Tag Archives: Michael Porter

Reinventing the House Museum in Portsmouth

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A sold-out crowd of history enthusiasts packed the auditorium at the Strawbery Banke Museum in Portsmouth, New Hampshire on April 21 to discuss ways to reinvent the house museum.  Sponsored by the American Association for State and Local History and the New England Museum Association, the one-day workshop explored ways that historic house museums can more successfully engage their community and improve their financial sustainability.

The morning featured several presentations and the afternoon was a hands-on workshop at a nearby historic house.  I opened the day with a process for developing a plan and then focused on Michael Porter’s Five Forces, a diagnostic tool that’s superior to SWOT for assessing a house museum’s strategic position.   Ken Turino of Historic New England provided a smorgasbord of ideas from house museums around the county to rethink existing conceptions.  Larry Yerdon, CEO of the Strawbery Banke Museum, discussed ways they are introducing new programs and activities to be both more engaging and financially sustainable.

After lunch, we gathered at the Governor John Langdon House, a property of Historic New England, where Joanne Flaherty and Linda Marshall led us on a quick inspection of the property and described its operations and recent efforts to use it for temporary exhibits.  Then the audience became temporary consultants using the Five Forces, analyzing existing and potential competition for exhibits, interests from visitors, and collaborating with exhibit providers.  The consensus seemed to be that an exhibit program could have a competitive advantage if it focused on the collections of Historic New England and may be better suited for rooms other than the parlor or dining room, which are architecturally significant.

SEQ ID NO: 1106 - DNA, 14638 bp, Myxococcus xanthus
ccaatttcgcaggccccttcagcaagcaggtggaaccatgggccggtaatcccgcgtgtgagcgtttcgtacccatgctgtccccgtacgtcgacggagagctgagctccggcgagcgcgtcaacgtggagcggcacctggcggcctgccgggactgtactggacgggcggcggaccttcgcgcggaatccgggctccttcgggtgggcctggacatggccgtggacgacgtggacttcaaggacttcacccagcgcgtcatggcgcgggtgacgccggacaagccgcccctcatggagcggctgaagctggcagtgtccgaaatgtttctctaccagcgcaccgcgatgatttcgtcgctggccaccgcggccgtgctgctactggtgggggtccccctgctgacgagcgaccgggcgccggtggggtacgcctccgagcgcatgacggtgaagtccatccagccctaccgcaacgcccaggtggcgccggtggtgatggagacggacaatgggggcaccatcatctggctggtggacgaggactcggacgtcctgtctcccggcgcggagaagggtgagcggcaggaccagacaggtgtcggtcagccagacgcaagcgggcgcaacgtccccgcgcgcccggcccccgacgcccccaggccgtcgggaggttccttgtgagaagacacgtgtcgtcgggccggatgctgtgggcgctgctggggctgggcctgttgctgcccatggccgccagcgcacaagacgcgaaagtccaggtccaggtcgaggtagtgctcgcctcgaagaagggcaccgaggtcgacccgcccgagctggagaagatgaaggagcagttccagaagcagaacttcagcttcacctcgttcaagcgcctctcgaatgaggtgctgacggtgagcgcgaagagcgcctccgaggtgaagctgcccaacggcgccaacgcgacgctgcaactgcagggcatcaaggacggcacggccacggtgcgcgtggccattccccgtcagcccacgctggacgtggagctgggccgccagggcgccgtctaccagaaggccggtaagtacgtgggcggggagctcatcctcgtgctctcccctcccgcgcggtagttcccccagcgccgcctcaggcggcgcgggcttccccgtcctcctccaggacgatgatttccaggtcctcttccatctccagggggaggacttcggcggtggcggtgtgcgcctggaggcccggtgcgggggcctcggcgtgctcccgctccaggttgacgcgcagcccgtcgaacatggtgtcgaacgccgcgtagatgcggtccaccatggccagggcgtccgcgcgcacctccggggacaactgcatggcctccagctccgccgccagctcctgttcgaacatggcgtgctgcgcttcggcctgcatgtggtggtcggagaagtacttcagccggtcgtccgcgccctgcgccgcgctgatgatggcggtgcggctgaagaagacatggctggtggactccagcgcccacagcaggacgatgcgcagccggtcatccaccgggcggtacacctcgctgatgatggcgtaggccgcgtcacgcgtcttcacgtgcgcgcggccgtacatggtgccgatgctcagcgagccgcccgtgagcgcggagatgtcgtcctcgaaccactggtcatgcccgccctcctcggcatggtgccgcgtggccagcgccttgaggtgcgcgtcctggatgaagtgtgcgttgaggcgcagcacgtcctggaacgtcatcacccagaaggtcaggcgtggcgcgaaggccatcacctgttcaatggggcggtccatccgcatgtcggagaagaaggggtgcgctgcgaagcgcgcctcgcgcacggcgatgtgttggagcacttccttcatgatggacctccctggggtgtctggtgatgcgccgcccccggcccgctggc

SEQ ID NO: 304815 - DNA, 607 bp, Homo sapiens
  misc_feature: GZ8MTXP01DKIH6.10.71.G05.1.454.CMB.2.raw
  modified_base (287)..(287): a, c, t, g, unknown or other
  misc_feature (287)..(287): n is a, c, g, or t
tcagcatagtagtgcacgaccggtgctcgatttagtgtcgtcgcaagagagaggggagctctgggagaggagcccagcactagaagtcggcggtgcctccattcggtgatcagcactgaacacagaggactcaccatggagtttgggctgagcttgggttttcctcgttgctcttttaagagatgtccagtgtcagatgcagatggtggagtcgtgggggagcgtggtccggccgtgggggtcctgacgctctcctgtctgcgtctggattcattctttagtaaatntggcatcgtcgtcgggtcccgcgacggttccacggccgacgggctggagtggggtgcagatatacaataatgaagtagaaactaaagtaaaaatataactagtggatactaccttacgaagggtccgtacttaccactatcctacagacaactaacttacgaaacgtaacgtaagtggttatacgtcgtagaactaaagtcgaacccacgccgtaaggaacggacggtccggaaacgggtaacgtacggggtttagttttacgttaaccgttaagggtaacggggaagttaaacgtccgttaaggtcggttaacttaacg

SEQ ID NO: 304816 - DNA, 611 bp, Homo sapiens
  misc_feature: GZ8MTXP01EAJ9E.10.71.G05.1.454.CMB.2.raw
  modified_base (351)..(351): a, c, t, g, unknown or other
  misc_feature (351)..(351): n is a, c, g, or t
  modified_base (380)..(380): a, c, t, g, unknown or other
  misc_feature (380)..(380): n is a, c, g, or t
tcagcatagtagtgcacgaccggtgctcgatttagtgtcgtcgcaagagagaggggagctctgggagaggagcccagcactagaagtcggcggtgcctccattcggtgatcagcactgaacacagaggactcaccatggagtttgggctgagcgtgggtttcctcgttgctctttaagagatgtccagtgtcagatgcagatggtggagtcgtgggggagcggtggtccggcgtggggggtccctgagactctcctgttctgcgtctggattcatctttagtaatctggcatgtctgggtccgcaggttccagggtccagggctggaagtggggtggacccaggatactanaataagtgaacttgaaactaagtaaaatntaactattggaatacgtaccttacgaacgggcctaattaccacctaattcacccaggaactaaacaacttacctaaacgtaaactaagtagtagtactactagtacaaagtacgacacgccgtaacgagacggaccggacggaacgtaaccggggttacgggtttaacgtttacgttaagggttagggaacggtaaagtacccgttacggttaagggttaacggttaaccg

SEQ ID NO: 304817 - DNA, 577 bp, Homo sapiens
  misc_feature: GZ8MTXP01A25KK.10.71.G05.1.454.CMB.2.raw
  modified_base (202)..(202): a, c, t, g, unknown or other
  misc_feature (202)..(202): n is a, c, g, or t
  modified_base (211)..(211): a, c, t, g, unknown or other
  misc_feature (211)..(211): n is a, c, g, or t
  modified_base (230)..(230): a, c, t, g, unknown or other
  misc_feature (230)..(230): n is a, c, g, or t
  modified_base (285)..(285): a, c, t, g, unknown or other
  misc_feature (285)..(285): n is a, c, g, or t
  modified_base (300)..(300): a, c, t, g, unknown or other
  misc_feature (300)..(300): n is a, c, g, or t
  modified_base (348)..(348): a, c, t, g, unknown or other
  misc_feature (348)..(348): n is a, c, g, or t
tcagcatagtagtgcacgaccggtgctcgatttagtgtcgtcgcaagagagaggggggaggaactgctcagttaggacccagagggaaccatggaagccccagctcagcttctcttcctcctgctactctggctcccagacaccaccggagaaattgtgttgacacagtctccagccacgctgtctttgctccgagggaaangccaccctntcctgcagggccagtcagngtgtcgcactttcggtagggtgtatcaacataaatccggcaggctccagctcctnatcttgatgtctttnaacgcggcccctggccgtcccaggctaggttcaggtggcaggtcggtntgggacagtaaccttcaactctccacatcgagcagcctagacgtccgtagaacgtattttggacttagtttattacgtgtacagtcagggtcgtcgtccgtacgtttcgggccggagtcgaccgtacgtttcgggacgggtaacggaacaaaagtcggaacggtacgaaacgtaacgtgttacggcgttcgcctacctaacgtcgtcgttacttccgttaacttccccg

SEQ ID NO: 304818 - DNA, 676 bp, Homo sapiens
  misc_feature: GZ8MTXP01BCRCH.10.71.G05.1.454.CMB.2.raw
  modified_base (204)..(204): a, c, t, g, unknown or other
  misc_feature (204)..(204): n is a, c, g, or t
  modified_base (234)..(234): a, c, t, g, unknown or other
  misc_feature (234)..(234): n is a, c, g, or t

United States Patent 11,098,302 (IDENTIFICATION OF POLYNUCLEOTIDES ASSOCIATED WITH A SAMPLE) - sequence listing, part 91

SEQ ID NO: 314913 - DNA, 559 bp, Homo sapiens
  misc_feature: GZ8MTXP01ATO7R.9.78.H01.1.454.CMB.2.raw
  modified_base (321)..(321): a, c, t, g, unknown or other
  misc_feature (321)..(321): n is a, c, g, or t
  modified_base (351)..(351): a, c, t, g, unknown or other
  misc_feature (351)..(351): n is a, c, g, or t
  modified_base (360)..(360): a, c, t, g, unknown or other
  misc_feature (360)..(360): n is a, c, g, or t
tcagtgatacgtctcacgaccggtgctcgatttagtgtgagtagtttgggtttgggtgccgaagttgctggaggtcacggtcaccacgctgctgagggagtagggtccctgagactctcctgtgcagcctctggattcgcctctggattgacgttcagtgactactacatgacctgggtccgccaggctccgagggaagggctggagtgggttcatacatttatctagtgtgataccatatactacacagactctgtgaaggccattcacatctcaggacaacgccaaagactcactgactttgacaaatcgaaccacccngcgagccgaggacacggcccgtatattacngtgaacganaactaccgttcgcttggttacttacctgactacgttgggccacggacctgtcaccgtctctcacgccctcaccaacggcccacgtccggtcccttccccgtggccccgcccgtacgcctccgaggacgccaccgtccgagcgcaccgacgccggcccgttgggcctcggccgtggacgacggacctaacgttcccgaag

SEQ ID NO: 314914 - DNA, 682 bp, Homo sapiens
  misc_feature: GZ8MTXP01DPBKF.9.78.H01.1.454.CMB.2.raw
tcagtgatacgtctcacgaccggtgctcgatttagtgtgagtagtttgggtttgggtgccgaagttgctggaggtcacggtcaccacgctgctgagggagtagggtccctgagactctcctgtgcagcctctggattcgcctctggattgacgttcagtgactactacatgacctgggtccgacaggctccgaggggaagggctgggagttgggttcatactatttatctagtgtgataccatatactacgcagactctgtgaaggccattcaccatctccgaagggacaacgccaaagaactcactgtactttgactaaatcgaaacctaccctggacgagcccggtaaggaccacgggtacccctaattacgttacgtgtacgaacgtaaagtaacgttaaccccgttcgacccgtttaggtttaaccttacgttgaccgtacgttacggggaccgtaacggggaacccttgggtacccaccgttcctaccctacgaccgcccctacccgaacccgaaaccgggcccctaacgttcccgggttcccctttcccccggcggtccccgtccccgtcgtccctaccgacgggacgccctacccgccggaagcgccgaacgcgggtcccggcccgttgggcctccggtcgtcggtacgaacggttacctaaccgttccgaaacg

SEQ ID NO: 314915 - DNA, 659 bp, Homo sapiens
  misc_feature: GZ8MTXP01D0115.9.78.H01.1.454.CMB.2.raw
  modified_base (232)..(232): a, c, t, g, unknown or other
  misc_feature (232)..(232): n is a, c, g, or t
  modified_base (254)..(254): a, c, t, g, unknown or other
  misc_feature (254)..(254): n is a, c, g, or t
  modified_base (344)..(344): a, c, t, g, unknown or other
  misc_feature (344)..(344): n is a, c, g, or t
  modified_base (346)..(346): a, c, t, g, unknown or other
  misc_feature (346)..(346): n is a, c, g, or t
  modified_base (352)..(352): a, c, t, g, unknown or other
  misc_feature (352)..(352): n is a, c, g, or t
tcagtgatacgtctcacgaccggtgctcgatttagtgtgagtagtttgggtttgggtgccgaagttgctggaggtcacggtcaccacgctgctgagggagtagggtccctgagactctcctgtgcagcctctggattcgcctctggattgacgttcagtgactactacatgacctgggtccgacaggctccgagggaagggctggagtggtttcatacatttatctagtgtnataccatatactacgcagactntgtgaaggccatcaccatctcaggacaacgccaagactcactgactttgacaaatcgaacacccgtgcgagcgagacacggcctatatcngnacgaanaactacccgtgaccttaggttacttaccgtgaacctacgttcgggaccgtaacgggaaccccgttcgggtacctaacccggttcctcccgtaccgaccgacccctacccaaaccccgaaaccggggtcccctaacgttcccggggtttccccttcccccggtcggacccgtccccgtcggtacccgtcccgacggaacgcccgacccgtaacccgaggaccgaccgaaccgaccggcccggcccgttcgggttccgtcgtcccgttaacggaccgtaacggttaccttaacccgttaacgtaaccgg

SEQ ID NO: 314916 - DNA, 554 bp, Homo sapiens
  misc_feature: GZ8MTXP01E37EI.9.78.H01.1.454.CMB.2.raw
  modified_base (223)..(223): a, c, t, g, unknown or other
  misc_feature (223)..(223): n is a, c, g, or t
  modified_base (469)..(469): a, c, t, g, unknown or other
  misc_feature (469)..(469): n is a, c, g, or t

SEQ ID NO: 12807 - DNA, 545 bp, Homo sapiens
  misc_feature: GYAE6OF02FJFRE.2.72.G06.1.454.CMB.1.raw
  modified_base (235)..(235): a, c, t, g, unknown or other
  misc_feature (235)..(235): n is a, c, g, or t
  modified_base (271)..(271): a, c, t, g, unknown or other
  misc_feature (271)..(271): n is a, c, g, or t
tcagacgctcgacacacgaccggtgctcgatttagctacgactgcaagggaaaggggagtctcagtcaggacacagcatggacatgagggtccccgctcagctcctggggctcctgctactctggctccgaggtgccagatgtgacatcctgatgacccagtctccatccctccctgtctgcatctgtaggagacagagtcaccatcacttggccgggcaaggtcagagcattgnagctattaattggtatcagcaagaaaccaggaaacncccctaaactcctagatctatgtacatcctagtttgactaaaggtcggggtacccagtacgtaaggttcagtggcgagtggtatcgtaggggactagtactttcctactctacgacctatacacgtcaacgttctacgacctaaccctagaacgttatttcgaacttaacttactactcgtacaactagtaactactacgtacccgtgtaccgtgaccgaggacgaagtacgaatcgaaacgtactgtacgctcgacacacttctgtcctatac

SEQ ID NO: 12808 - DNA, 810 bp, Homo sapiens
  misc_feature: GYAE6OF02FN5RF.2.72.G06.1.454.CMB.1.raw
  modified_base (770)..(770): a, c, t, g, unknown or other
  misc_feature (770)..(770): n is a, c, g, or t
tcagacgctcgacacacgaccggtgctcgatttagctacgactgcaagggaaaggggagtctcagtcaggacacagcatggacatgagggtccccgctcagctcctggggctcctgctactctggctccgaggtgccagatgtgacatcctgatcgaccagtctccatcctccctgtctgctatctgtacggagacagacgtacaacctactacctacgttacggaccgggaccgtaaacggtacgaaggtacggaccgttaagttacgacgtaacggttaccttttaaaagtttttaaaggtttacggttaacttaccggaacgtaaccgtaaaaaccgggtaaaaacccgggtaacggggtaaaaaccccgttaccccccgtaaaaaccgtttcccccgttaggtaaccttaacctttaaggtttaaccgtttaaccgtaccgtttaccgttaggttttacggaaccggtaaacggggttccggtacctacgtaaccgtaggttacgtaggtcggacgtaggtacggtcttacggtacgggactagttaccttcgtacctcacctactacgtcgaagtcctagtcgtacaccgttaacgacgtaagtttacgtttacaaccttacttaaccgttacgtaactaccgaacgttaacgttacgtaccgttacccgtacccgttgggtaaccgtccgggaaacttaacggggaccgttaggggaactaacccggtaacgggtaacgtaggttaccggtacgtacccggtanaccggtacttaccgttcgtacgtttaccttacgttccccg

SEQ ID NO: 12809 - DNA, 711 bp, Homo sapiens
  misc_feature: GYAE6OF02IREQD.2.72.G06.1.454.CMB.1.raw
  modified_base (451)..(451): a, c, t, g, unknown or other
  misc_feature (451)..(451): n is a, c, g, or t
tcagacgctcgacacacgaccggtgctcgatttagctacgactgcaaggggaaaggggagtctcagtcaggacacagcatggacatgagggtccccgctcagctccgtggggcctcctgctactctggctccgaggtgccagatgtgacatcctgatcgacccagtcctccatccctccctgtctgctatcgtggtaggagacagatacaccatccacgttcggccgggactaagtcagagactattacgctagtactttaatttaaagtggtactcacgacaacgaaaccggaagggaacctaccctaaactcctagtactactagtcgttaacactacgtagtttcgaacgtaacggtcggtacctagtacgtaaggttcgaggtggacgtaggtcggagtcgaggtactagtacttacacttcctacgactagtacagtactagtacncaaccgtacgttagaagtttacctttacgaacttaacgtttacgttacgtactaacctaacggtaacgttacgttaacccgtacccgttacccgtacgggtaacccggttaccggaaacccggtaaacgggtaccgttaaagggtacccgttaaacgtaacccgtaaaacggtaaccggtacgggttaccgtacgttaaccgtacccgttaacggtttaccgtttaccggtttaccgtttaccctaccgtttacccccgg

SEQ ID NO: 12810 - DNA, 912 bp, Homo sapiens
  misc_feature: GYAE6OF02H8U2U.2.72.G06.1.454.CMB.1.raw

This workshop will travel next to Atlanta, Georgia on June 12, where we’ll be using the Margaret Mitchell House as the case study.  To register and for more information, visit AASLH.org.

 

 

Recap of Historic House Museum Symposium at Gunston Hall

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On Saturday, the Historic House Museum Consortium of Washington DC hosted an all-day symposium on “how are historic house museums adapting to the future?” at Gunston Hall in Virginia.  The sold-out symposium featured three speakers, a tour of Gunston Hall, and lots of time to chat with colleagues during breaks and over lunch.   The cost?  A mere $15, truly a bargain.  The symposium not only attracted professionals from Virginia, Maryland, and DC, but as far away as Connecticut!

I opened the symposium by discussing Michael Porter’s “Five Forces” as a way of identifying opportunities and threats to help historic sites prepare and adapt.  If you’re not familiar with the Five Forces, it’s a framework for identifying those issues that have the biggest impact on your operations.  This is a much more useful alternative to SWOT, which may be a good outline for summarizing an analysis, but it’s not a helpful way to analyze a situation.  If you’d like to get an introduction to the Five Forces and how it applies to historic sites, take look at my presentation (warning: it’s an 18 Mb pdf).  Even better was the discussion that followed, which explored a wide range of ideas from the growing role of photography to changing demographics to the interpretation of African American history.

Jana Shafogoj at Morven Park discussed how the current emphasis on STEM has allowed their site to Continue reading